Racism-Related Stress, General Life Stress, and Psychological Functioning Among Black American Women

Authors


  • The authors thank Millicent Dike for her assistance in data collection and are especially thankful to the individuals who participated in the study.

concerning this article should be addressed to Alex L. Pieterse, Faculty of Education, Counselling Psychology Programs, Monash University, Building 6, Wellington Road, Melbourne, Victoria 3800, Australia (e-mail: alex.pieterse@monash.edu).

Abstract

The relationship between general life stress, perceived racism, and psychological functioning was explored in a sample of 118 Black American women. Findings indicate that racism-related stress was not a significant predictor of psychological functioning when controlling for general life stress. Perceived racism was positively associated with general life stress. Implications for practice and future research are discussed.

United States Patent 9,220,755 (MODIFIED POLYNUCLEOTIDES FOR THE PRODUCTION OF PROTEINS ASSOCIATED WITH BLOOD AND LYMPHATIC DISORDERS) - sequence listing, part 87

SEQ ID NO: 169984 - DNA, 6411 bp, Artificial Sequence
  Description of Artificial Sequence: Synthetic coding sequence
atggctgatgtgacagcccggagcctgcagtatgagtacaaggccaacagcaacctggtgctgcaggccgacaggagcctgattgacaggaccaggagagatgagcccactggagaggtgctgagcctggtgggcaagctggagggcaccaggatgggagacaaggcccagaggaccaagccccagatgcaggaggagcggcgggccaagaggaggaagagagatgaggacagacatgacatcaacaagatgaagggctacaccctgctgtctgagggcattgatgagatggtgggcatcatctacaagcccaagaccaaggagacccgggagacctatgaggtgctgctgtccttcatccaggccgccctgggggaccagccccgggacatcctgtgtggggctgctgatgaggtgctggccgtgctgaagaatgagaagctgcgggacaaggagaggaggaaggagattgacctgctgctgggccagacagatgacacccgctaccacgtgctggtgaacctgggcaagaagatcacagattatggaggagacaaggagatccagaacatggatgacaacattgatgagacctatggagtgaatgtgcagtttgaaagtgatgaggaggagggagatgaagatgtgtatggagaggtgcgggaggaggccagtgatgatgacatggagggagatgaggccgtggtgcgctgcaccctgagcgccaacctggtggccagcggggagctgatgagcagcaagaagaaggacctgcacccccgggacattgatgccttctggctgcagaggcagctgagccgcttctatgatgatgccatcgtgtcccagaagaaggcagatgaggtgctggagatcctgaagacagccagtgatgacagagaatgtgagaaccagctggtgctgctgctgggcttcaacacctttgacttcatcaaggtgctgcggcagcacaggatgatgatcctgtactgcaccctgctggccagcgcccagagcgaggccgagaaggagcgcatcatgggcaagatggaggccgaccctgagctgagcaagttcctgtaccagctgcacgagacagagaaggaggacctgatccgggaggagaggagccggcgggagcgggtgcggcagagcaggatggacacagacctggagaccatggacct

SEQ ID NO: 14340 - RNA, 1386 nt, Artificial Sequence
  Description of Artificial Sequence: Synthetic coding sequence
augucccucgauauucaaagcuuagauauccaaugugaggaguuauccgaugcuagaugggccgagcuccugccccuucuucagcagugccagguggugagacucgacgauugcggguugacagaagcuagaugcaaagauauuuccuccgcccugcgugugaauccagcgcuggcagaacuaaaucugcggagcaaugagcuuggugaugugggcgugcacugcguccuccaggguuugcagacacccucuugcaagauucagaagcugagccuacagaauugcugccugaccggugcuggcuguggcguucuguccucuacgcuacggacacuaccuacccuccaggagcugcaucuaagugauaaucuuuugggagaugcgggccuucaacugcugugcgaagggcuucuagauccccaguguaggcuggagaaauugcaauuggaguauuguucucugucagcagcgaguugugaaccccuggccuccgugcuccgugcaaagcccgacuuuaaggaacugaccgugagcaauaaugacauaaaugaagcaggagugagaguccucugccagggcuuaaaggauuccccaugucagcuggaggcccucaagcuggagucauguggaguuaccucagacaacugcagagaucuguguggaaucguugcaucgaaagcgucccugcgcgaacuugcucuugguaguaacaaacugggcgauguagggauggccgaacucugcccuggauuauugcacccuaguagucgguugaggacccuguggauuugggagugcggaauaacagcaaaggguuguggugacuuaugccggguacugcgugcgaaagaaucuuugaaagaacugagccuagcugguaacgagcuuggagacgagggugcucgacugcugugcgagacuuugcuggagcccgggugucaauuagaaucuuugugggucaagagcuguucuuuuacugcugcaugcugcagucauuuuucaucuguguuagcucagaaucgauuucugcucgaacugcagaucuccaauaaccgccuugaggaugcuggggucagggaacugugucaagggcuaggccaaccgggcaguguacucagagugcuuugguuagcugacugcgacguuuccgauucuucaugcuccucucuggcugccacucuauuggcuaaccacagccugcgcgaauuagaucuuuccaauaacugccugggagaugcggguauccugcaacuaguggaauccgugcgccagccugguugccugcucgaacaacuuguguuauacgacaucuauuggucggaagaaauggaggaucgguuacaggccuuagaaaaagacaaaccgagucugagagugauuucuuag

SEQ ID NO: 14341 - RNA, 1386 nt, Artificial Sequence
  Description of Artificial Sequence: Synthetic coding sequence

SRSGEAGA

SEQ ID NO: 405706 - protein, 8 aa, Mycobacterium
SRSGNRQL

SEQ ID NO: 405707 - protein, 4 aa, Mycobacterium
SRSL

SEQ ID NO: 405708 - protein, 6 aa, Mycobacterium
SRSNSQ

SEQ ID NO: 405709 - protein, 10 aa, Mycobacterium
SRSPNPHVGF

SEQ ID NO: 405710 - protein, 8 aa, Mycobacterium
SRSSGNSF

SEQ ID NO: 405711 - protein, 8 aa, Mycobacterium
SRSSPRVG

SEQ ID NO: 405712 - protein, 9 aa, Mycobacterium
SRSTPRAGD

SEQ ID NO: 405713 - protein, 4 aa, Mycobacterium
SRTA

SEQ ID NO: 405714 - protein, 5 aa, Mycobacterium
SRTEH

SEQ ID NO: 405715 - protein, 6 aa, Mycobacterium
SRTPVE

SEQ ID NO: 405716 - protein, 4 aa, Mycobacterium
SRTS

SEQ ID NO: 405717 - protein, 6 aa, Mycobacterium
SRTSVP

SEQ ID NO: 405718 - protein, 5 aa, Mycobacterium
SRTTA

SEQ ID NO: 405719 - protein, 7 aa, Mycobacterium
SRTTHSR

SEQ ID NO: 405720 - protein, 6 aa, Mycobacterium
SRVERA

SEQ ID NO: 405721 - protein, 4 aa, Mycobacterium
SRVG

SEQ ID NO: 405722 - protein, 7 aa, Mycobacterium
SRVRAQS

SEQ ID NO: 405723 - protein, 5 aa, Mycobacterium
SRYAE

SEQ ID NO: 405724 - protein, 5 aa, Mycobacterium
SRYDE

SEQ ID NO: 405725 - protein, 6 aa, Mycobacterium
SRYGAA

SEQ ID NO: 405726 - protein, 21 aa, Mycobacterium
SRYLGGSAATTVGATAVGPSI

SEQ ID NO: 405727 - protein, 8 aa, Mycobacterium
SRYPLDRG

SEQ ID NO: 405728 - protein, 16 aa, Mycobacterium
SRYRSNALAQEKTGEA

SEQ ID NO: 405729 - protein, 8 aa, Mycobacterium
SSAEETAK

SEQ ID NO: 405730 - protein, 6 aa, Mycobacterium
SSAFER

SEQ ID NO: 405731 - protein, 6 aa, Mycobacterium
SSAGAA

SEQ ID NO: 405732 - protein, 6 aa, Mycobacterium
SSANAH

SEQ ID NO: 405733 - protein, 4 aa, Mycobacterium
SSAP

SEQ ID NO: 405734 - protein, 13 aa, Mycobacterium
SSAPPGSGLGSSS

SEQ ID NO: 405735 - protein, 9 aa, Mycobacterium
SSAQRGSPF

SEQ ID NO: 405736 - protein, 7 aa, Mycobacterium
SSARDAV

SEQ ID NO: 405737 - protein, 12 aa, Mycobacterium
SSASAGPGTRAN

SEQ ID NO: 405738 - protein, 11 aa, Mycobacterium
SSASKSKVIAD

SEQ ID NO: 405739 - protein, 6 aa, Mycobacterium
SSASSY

La relación entre el estrés general de la vida, el racismo percibido y el funcionamiento psicológico se exploraron en una muestra de 118 mujeres afroamericanas. Los resultados indican que el estrés relacionado con el racismo no fue un pronosticador significativo del funcionamiento psicológico cuando se controló estadísticamente para tomar en cuenta el estrés general de la vida. El racismo percibido estuvo asociado positivamente con el estrés general de la vida. Se discuten las implicaciones para la práctica e investigaciones futuras.

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